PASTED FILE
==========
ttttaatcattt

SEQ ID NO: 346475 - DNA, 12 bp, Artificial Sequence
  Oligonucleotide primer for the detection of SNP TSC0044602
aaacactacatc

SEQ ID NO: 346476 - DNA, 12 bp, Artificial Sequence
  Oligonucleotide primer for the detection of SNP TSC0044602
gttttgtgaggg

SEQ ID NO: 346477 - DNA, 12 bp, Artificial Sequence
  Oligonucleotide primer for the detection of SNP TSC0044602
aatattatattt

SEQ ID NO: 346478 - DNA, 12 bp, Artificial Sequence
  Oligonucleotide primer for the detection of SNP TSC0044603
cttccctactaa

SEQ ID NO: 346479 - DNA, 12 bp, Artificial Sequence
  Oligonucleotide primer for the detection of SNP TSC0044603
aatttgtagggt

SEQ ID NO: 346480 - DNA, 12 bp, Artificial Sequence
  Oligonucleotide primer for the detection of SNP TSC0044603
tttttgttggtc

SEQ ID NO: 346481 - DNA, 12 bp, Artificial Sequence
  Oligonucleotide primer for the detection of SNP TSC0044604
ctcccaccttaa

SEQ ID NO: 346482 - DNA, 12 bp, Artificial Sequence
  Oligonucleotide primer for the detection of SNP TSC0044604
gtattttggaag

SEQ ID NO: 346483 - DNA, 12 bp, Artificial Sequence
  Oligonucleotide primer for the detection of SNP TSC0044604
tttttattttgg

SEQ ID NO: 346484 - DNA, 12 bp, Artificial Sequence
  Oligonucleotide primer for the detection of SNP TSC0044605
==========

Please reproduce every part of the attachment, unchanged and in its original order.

ttttaatcattt

SEQ ID NO: 346475 - DNA, 12 bp, Artificial Sequence
  Oligonucleotide primer for the detection of SNP TSC0044602
aaacactacatc

SEQ ID NO: 346476 - DNA, 12 bp, Artificial Sequence
  Oligonucleotide primer for the detection of SNP TSC0044602
gttttgtgaggg

SEQ ID NO: 346477 - DNA, 12 bp, Artificial Sequence
  Oligonucleotide primer for the detection of SNP TSC0044602
aatattatattt

SEQ ID NO: 346478 - DNA, 12 bp, Artificial Sequence
  Oligonucleotide primer for the detection of SNP TSC0044603
cttccctactaa

SEQ ID NO: 346479 - DNA, 12 bp, Artificial Sequence
  Oligonucleotide primer for the detection of SNP TSC0044603
aatttgtagggt

SEQ ID NO: 346480 - DNA, 12 bp, Artificial Sequence
  Oligonucleotide primer for the detection of SNP TSC0044603
tttttgttggtc

SEQ ID NO: 346481 - DNA, 12 bp, Artificial Sequence
  Oligonucleotide primer for the detection of SNP TSC0044604
ctcccaccttaa

SEQ ID NO: 346482 - DNA, 12 bp, Artificial Sequence
  Oligonucleotide primer for the detection of SNP TSC0044604
gtattttggaag

SEQ ID NO: 346483 - DNA, 12 bp, Artificial Sequence
  Oligonucleotide primer for the detection of SNP TSC0044604
tttttattttgg

SEQ ID NO: 346484 - DNA, 12 bp, Artificial Sequence
  Oligonucleotide primer for the detection of SNP TSC0044605